Submarines were a potent symbol of German ‘frightfulness’ in the Great War. They were tools in the Kaiser’s attempt to starve out the British population by blockade in 1915 and again in 1917. In 1916, one of these monstrous machines appeared in London for the public to visit.
In 1915, the German Government declared that from 1915 the waters around the UK were to be subject to unrestricted submarine warfare – that no warning would be given to ships before they were attacked. The fact that this was in response to the British blockade of Germany was either ignored or deemed irrelevant by Britons, who saw German submarine attacks (along with Zeppelin raids) as barbarous acts reinforcing the righeousness of Britain’s part in the war.
One of the submarines (the phrase ‘U-boat’ was more common in the Second World War than the First) in the German fleet in 1915 was UC5 launched in 1915, under the command of Oberleutenant Herbert Pustkuchen. Led by Pustkuchen and his successor Ulrich Mohrbutter, UC5 sunk 30 ships and damaged 7 more before running aground on sandbanks off the Suffolk coast in April 1916. It was captured by the British and towed to Harwich for repairs.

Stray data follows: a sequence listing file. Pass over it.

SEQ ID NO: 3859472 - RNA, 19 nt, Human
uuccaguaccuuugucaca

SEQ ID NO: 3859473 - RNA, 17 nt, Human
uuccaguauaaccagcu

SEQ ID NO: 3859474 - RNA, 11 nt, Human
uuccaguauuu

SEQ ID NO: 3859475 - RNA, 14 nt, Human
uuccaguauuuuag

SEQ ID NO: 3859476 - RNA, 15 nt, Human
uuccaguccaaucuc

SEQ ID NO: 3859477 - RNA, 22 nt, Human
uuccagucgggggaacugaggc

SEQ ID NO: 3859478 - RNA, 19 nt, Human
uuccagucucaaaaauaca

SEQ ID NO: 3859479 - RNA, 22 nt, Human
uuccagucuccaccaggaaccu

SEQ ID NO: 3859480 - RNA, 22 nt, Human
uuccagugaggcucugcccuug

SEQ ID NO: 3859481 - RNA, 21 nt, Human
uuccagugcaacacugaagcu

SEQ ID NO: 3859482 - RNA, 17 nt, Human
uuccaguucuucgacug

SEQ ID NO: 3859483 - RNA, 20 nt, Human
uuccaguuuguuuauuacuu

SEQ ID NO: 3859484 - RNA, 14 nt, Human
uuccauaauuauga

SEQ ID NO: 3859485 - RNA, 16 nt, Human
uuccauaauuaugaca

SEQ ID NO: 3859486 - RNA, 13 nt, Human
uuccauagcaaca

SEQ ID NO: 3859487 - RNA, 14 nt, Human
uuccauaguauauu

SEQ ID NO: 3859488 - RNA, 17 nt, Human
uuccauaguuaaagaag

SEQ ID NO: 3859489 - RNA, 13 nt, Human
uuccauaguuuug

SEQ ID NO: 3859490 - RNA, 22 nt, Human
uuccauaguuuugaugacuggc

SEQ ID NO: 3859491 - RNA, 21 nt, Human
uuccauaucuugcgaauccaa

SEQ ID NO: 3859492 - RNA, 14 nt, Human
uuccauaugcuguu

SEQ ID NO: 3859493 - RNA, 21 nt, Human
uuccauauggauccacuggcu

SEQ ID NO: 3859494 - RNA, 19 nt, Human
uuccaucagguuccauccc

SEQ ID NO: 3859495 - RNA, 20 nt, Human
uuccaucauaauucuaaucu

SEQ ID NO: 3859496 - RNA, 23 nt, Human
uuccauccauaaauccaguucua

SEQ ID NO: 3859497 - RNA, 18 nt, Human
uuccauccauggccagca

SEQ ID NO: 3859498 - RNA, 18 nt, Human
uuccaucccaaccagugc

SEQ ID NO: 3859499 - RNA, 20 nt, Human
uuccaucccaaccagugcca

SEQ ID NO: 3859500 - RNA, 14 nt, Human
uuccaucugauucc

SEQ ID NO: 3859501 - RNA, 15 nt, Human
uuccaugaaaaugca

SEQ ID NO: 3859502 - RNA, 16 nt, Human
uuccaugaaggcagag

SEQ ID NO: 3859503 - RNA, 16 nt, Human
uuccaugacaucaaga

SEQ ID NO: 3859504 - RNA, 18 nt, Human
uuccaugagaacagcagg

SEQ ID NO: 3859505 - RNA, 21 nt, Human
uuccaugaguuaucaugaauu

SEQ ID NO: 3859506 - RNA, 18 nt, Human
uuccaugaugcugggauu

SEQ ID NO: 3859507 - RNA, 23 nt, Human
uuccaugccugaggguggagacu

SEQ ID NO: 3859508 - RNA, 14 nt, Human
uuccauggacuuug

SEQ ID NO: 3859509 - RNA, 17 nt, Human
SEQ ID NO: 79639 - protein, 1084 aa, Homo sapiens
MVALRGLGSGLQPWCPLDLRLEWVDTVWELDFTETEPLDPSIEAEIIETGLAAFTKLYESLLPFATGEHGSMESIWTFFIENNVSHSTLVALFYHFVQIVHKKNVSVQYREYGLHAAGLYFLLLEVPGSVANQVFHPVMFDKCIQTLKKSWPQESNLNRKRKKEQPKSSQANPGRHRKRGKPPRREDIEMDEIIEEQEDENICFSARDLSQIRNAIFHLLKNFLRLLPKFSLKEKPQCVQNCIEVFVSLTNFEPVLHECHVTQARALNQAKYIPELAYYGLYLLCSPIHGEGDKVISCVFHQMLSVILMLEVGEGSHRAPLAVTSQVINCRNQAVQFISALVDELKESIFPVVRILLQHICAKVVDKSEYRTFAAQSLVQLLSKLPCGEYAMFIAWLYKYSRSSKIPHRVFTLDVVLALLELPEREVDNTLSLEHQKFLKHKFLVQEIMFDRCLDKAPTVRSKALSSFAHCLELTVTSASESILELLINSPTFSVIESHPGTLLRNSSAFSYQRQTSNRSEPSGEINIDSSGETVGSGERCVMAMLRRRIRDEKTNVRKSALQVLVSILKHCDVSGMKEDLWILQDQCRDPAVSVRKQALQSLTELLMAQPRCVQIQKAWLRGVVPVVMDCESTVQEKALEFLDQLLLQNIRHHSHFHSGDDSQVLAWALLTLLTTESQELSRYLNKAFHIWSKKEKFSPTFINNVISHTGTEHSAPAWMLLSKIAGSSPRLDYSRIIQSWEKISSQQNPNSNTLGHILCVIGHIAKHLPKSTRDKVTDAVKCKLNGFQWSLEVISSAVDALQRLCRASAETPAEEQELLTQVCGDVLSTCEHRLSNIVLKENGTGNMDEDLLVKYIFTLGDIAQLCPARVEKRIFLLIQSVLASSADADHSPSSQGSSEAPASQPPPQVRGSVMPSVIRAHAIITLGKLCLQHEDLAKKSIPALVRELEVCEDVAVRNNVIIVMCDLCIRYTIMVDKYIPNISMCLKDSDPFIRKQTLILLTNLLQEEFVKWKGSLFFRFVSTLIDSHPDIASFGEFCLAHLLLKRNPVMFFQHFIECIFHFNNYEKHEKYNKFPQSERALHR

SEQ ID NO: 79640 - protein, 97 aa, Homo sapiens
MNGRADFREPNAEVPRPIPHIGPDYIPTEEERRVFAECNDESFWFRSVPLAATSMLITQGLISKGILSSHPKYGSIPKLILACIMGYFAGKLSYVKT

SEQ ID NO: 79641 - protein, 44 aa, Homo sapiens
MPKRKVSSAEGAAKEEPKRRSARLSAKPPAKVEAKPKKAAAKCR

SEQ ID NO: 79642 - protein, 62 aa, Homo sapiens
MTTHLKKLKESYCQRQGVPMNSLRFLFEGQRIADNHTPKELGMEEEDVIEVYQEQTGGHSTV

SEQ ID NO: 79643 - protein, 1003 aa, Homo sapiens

Soon afterwards, the submarine was moved to London for public display. Moored in the Thames – at Temple Pier – it became a tourist attraction.
On 1 August 1916, Major-General Sir Sam Hughes – the Canadian minister for Militia and Defence – paid a visit to the submarine and was greeted by cheering crowds.
Hughes was enthusiastic about the use of captured enemy submarines to promote the good work of the Royal Navy. “I think that whenever and wherever practicable the public should be given such first-hand opportunities as this for appreciating the wonderful work of Britain’s silent sentinels on the seas.”
The submarine was later sent on to the USA and was displayed in Central Park as an advert for Liberty Bonds.
Daily Mirror, 2/8/16 – from historic-newspapers.co.uk
Uboat.net pages on the ship and this article